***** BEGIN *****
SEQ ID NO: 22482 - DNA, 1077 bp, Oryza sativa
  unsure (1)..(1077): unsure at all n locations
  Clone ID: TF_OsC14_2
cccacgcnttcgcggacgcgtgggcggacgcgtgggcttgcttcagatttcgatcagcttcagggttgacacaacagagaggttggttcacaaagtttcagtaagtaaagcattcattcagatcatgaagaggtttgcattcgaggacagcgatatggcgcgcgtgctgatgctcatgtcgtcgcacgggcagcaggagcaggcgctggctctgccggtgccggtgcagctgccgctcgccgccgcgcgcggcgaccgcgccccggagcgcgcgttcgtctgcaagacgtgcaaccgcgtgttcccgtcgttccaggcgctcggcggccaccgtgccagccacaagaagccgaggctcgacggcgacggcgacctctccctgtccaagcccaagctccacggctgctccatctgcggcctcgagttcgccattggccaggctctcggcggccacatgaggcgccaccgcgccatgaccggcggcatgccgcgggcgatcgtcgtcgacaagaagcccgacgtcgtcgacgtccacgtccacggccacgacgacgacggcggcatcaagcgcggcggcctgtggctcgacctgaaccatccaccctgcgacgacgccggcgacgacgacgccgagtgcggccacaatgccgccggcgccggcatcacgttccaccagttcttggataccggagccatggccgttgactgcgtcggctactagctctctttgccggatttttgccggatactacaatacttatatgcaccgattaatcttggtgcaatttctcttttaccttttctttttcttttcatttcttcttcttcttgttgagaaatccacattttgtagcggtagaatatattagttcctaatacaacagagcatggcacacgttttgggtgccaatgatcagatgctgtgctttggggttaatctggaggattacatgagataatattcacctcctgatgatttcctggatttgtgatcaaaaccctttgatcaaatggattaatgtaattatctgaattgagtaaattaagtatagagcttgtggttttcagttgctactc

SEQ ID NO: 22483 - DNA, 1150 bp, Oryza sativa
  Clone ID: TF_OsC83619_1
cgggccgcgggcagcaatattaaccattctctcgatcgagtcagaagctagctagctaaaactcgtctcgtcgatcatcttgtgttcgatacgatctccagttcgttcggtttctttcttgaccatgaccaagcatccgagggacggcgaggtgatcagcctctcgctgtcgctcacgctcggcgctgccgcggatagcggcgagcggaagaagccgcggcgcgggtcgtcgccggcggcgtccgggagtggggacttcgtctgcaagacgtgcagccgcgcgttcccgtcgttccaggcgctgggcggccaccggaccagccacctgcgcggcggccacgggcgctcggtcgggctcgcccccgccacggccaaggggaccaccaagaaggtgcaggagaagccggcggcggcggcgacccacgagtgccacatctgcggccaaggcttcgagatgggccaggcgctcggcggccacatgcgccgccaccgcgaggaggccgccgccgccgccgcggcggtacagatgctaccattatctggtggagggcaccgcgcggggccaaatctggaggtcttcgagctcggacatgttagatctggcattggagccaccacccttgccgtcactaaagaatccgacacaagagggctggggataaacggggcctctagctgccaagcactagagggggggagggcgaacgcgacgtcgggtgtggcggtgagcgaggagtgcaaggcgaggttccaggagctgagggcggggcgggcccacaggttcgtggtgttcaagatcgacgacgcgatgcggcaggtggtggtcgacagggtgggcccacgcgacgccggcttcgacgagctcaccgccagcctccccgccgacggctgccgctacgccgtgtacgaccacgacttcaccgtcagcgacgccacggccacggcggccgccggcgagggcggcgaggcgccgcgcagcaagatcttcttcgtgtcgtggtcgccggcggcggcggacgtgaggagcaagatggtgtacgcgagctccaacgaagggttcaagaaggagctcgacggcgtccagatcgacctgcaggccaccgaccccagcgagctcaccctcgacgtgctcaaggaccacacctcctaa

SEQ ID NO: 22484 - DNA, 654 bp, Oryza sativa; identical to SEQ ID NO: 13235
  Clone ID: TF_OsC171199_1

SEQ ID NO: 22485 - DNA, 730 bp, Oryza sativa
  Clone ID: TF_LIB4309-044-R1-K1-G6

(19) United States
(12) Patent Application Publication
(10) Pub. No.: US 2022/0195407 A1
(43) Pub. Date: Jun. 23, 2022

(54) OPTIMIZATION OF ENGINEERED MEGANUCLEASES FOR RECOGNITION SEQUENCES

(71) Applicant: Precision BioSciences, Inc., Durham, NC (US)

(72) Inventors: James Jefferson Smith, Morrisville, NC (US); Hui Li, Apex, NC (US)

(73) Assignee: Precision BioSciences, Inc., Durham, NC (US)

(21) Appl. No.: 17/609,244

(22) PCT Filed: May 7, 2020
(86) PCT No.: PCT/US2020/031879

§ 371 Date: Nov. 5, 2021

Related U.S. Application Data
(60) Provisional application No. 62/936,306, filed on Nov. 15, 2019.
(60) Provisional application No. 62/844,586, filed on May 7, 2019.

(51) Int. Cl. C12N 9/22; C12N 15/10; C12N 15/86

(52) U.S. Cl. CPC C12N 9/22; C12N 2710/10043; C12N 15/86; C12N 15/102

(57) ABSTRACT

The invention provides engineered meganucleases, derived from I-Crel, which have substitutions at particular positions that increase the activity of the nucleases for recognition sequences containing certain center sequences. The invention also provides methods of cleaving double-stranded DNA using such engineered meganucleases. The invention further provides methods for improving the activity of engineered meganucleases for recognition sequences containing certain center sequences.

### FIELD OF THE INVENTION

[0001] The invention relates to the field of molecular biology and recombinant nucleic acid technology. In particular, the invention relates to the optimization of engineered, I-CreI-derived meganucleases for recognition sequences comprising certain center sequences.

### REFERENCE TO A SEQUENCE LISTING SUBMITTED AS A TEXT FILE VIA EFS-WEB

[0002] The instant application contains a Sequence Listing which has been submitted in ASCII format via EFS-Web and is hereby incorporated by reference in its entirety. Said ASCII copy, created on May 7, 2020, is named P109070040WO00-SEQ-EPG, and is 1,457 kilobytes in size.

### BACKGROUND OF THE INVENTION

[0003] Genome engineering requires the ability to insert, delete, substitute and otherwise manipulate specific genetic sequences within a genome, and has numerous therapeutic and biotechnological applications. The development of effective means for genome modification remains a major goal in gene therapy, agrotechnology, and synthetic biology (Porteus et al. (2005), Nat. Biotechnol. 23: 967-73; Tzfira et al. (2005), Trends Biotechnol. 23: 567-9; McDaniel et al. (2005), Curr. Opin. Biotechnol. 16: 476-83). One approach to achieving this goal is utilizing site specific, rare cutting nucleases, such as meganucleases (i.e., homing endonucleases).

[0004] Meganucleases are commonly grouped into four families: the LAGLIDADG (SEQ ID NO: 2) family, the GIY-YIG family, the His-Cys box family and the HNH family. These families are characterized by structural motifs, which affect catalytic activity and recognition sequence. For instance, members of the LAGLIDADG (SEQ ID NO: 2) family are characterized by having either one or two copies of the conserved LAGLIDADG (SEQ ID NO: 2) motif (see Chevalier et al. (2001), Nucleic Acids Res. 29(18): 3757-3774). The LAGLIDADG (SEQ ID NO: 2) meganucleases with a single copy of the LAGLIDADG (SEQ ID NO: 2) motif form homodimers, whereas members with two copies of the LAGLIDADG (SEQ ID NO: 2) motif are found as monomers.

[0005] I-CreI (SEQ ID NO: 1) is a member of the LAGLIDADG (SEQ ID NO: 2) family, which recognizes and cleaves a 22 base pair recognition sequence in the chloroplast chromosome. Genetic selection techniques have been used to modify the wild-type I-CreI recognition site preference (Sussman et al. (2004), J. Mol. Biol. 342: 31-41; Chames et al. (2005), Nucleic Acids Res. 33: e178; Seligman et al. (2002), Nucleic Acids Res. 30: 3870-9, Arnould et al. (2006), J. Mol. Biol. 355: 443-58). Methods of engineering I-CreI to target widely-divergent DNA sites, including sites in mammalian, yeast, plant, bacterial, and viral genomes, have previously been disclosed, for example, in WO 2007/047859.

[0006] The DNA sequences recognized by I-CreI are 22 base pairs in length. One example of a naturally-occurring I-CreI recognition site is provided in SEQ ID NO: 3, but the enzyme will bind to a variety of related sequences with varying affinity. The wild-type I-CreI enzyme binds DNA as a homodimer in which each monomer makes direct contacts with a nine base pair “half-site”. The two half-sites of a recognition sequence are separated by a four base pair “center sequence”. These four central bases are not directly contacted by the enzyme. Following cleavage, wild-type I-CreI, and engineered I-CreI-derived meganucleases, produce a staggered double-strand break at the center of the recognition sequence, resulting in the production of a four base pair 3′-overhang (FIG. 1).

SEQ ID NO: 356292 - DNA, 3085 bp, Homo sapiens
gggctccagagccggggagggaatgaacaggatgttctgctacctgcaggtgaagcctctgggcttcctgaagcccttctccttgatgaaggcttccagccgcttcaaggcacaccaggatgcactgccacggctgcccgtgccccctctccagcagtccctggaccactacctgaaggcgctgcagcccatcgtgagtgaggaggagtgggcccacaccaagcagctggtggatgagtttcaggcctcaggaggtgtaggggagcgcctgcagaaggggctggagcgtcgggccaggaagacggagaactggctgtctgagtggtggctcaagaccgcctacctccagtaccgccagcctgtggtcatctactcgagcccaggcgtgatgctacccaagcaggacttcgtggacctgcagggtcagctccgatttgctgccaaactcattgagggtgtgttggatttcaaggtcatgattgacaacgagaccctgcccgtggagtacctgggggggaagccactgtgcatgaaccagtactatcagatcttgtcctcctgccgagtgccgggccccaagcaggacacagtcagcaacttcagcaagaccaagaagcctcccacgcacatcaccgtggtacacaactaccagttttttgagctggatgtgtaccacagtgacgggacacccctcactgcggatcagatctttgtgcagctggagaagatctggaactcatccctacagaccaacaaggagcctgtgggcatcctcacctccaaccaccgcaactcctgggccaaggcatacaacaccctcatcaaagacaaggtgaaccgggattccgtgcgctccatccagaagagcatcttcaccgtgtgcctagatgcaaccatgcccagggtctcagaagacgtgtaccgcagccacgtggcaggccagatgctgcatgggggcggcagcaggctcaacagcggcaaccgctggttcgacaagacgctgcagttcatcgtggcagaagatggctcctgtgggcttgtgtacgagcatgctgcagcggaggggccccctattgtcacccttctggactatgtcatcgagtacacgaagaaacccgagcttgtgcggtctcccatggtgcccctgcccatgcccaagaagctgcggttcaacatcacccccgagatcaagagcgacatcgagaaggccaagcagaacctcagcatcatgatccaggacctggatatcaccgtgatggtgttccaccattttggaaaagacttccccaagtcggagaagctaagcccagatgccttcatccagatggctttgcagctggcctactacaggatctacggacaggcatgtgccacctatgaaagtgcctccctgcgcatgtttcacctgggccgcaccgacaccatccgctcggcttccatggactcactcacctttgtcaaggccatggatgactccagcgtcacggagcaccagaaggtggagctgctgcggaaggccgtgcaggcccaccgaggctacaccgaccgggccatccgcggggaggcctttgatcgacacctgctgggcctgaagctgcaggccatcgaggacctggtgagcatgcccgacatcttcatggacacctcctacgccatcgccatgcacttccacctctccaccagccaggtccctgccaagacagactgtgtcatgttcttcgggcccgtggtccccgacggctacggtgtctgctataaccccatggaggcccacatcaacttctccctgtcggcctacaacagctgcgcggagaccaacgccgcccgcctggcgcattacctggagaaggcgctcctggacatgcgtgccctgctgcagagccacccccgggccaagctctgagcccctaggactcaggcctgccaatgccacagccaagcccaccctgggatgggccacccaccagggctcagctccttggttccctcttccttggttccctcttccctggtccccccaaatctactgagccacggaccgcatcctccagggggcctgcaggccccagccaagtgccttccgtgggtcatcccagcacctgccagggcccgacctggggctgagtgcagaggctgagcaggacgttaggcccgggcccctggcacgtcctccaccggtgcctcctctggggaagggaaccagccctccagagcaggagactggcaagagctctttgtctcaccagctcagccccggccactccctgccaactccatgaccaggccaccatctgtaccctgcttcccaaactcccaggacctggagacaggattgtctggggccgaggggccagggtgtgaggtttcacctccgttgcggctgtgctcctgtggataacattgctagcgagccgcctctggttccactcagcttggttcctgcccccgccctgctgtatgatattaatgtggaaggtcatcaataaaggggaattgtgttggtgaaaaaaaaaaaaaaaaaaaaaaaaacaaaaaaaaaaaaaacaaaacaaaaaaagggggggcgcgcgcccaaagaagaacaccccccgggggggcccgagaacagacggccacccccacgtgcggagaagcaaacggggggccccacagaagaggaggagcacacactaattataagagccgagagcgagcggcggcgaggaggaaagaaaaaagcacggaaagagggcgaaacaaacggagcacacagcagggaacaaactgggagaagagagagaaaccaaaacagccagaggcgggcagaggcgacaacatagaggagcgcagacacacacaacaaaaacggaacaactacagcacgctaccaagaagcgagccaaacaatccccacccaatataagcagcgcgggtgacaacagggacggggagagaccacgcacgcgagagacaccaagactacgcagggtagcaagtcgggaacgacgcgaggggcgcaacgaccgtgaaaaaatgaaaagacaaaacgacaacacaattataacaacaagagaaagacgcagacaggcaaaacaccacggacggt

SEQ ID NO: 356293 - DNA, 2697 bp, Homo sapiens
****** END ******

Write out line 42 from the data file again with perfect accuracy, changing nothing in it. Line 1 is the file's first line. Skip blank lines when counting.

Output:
SEQ ID NO: 356293 - DNA, 2697 bp, Homo sapiens